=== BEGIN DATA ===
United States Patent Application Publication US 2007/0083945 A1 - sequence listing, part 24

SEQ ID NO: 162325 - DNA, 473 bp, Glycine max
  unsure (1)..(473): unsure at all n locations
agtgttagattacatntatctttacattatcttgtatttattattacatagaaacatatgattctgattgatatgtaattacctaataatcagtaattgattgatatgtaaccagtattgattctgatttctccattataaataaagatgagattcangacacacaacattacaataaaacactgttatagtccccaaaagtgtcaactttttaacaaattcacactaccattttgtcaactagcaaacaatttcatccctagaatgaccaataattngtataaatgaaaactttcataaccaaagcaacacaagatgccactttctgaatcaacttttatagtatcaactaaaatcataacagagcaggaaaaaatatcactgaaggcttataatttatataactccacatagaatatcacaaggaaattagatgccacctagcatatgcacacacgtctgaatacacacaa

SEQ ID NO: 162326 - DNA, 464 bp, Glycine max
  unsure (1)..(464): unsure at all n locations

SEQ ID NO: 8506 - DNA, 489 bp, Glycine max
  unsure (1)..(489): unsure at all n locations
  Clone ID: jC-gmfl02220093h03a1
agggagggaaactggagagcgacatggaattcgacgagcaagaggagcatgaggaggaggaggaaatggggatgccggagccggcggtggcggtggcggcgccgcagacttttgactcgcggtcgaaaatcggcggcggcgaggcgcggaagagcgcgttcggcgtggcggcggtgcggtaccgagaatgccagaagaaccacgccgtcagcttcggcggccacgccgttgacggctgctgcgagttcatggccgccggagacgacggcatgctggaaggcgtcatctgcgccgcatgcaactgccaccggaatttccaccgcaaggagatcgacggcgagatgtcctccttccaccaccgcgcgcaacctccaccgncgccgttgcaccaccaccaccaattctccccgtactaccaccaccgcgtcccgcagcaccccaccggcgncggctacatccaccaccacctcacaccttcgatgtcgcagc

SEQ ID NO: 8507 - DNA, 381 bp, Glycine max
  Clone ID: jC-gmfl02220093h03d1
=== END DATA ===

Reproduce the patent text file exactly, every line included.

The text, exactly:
United States Patent Application Publication US 2007/0083945 A1 - sequence listing, part 24

SEQ ID NO: 162325 - DNA, 473 bp, Glycine max
  unsure (1)..(473): unsure at all n locations
agtgttagattacatntatctttacattatcttgtatttattattacatagaaacatatgattctgattgatatgtaattacctaataatcagtaattgattgatatgtaaccagtattgattctgatttctccattataaataaagatgagattcangacacacaacattacaataaaacactgttatagtccccaaaagtgtcaactttttaacaaattcacactaccattttgtcaactagcaaacaatttcatccctagaatgaccaataattngtataaatgaaaactttcataaccaaagcaacacaagatgccactttctgaatcaacttttatagtatcaactaaaatcataacagagcaggaaaaaatatcactgaaggcttataatttatataactccacatagaatatcacaaggaaattagatgccacctagcatatgcacacacgtctgaatacacacaa

SEQ ID NO: 162326 - DNA, 464 bp, Glycine max
  unsure (1)..(464): unsure at all n locations

SEQ ID NO: 8506 - DNA, 489 bp, Glycine max
  unsure (1)..(489): unsure at all n locations
  Clone ID: jC-gmfl02220093h03a1
agggagggaaactggagagcgacatggaattcgacgagcaagaggagcatgaggaggaggaggaaatggggatgccggagccggcggtggcggtggcggcgccgcagacttttgactcgcggtcgaaaatcggcggcggcgaggcgcggaagagcgcgttcggcgtggcggcggtgcggtaccgagaatgccagaagaaccacgccgtcagcttcggcggccacgccgttgacggctgctgcgagttcatggccgccggagacgacggcatgctggaaggcgtcatctgcgccgcatgcaactgccaccggaatttccaccgcaaggagatcgacggcgagatgtcctccttccaccaccgcgcgcaacctccaccgncgccgttgcaccaccaccaccaattctccccgtactaccaccaccgcgtcccgcagcaccccaccggcgncggctacatccaccaccacctcacaccttcgatgtcgcagc

SEQ ID NO: 8507 - DNA, 381 bp, Glycine max
  Clone ID: jC-gmfl02220093h03d1